United States -  Chicago

The greater Chicago market is experiencing a period of economic strength. Over two dozen Fortune 500 companies are headquartered in the Chicago area, spanning a variety of sectors and industries, including finance and food services. New companies are drawn to the Chicago area for its modern transportation infrastructure, central location, affordable cost of living, and world-class cultural, sports, and entertainment attractions. Several areas of Chicagoland are experiencing growth or revitalization. An example is the West Loop, which has undergone a transformation from a former meatpacking and light-manufacturing district to a new “tech hub” of the city; companies such as Google and Twitter have recently relocated to this area, and the new McDonald's world headquarters is under construction. As such, the area’s well-established and diversified economy represents a top investment market for hotels, including new hotel development.

Improvements in the economy and an increase in public and private investments have led to continued growth in hotel demand, with positive RevPAR growth year-over-year since 2009. Although 2016 was a slow year for meeting and group demand, due to it being an off-year in the convention cycle, increases related to both commercial and leisure travelers helped boost demand levels. However, after a record year in 2015, market-wide occupancy fell slightly in 2016 with the entrance of new supply, coupled with the soft convention year. Citywide bookings are expected to increase in 2018 and 2019, along with continued increases in demand from both commercial and leisure travelers.

After several years of stable room inventories, new supply increased for the first time in 2012, a trend that has only gained momentum in recent years. Eighteen new hotels in the Chicagoland area opened in 2016, adding more than 2,700 new rooms to the market. This level of growth is forecast to continue in the next several years; over 50 hotels and nearly 12,000 rooms are anticipated to enter the broader market area by 2020. Included in this count is the 1,200-room Marriott Marquis hotel, scheduled to open in late 2017 on a site adjacent to the McCormick Place Convention Center. With this expected increase in supply, we anticipate occupancy to fluctuate over the next few years, but remain relatively stable. Average rate will likely fall as the market responds to new supply, although stronger convention years should allow for average rate growth. The value of Chicagoland hotels will fluctuate in the near term as the new supply is absorbed.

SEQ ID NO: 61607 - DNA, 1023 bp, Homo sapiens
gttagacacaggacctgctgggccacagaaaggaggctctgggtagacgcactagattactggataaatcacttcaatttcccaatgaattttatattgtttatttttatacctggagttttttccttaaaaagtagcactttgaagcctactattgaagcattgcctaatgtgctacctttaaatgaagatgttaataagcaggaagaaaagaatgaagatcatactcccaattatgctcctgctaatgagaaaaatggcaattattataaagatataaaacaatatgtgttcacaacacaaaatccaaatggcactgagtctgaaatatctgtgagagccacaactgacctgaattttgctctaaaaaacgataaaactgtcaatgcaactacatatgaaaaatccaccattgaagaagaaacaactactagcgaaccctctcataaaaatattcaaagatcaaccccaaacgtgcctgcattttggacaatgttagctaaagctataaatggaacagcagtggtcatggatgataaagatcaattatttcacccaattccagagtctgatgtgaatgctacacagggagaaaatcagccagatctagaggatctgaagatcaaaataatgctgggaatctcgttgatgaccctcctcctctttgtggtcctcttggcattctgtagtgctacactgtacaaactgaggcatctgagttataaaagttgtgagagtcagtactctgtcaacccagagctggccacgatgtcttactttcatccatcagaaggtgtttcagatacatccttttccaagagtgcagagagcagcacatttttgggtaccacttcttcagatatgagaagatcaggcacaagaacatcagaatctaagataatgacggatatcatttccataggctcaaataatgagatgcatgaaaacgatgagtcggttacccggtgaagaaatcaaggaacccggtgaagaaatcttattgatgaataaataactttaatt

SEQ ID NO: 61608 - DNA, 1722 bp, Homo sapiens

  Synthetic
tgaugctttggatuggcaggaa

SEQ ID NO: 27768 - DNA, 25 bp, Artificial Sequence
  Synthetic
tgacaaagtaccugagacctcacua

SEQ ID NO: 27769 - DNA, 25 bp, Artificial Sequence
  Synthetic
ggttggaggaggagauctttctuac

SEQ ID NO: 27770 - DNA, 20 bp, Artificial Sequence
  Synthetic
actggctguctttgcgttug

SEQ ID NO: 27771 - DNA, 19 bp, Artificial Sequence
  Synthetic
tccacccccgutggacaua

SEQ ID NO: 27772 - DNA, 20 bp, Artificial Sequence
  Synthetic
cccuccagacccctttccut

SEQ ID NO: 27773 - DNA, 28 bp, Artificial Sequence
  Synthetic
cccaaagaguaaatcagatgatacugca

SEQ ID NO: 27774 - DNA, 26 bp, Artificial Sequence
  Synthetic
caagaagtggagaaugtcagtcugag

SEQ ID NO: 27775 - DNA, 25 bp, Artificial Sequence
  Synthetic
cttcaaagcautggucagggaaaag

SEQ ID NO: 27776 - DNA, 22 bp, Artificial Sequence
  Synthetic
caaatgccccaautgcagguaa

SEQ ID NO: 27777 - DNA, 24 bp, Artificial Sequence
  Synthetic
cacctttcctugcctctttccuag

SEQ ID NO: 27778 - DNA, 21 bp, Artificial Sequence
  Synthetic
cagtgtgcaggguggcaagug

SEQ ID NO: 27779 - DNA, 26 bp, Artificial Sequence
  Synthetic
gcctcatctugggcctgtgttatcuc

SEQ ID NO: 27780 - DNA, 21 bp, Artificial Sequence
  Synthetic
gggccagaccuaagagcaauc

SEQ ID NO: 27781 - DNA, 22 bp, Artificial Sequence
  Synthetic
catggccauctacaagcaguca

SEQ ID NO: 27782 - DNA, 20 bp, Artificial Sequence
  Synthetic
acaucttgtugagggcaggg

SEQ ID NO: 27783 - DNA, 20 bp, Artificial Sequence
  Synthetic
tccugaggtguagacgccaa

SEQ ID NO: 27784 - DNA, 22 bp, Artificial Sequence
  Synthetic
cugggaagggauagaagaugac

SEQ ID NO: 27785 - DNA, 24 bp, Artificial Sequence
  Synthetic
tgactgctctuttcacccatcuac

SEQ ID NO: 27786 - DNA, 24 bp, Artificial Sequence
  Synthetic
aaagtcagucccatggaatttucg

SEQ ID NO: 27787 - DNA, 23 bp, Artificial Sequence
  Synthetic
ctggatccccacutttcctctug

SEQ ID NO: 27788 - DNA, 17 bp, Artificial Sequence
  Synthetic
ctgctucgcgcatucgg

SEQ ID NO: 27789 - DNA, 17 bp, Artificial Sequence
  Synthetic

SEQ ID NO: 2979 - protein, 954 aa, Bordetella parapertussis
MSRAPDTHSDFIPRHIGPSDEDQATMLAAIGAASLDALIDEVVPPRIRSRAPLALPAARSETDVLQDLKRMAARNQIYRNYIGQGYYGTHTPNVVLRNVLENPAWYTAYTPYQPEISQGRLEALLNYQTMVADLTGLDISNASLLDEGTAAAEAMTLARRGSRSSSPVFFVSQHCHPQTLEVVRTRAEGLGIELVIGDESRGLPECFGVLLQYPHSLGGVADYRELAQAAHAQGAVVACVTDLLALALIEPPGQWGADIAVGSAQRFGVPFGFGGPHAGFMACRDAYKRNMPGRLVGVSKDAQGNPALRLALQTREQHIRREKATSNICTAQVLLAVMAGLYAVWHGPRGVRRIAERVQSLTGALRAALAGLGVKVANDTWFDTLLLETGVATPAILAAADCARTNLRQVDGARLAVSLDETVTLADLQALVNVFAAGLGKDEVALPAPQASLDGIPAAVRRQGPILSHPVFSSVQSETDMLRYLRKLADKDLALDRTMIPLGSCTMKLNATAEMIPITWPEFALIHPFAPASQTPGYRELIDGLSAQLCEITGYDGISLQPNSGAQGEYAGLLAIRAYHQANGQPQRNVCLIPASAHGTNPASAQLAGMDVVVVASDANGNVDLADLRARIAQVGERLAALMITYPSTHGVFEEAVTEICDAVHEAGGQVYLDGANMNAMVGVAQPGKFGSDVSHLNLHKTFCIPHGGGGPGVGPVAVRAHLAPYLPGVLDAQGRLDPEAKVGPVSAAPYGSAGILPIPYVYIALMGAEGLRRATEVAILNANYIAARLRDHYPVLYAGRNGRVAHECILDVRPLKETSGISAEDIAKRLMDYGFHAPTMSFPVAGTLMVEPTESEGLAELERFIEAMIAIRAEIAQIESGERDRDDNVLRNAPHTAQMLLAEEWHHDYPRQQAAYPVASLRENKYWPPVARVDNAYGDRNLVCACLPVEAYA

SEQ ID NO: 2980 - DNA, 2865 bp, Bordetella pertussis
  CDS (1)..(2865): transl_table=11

Fourteen hotels totaling over $1 billion in transaction volume have sold in the CBD since January 2016, including such significant assets as the LondonHouse – a Curio Collection Hotel (highest total price paid at $315,000,000 and almost $700,000 per key prior to its May 2016 opening) and the Waldorf-Astoria (for a total of $111,900,000, or nearly $600,000 per key). The gap between asking price and perceived buyer value has widened with the soft first-quarter performance in 2017. However, given the vibrant economic environment of the city and an influx of foreign investment, the outlook for the lodging market in Chicago remains positive for the long term.

* Although the HVI cannot tell you what a particular hotel is worth, it does provide excellent “big picture” data, indicating which market areas are experiencing positive trends, and thus may present good investment opportunities. The HVI for the U.S. is a measure of the strength of the lodging industry as a whole and, specifically, the hospitality investment market. The HVI for the various identified markets can provide a basis to evaluate and compare different geographic regions. For more insight on the limitations and applicability of the HVI, please read the message on the HVI home page by clicking on the graphic at the top of this page.

Change In Value For Market:

Legend
Significant Value Increase: Greater than +10%
Moderate Value Increase: Between +3% and +10%
Stable Values: Between -3% and +3%
Moderate Value Decline: Between -3% and -10%
Significant Value Decline: Less than -10%

Chicago RevPAR Change

Chicago RevPAR

Year RevPAR
2006 82.67
2007 87.54
2008 83.37
2009 63.87
2010 69.74
2011 75.88
2012 83.55
2013 87.18
2014 93.38
2015 99.93
2016 99.79
2017 (f) 97.80
2018 (f) 98.78
2019 (f) 100.77

For more information, please contact:

Stacey Nadolny, MAI
snadolny@hvs.com
  • +1 419 367-3879 (w)
Dana Waud
dwaud@hvs.com
  • +1 312 505-5913 (w)
Meghan Bean
mbean@hvs.com
  • +1 734 649-7221 (w)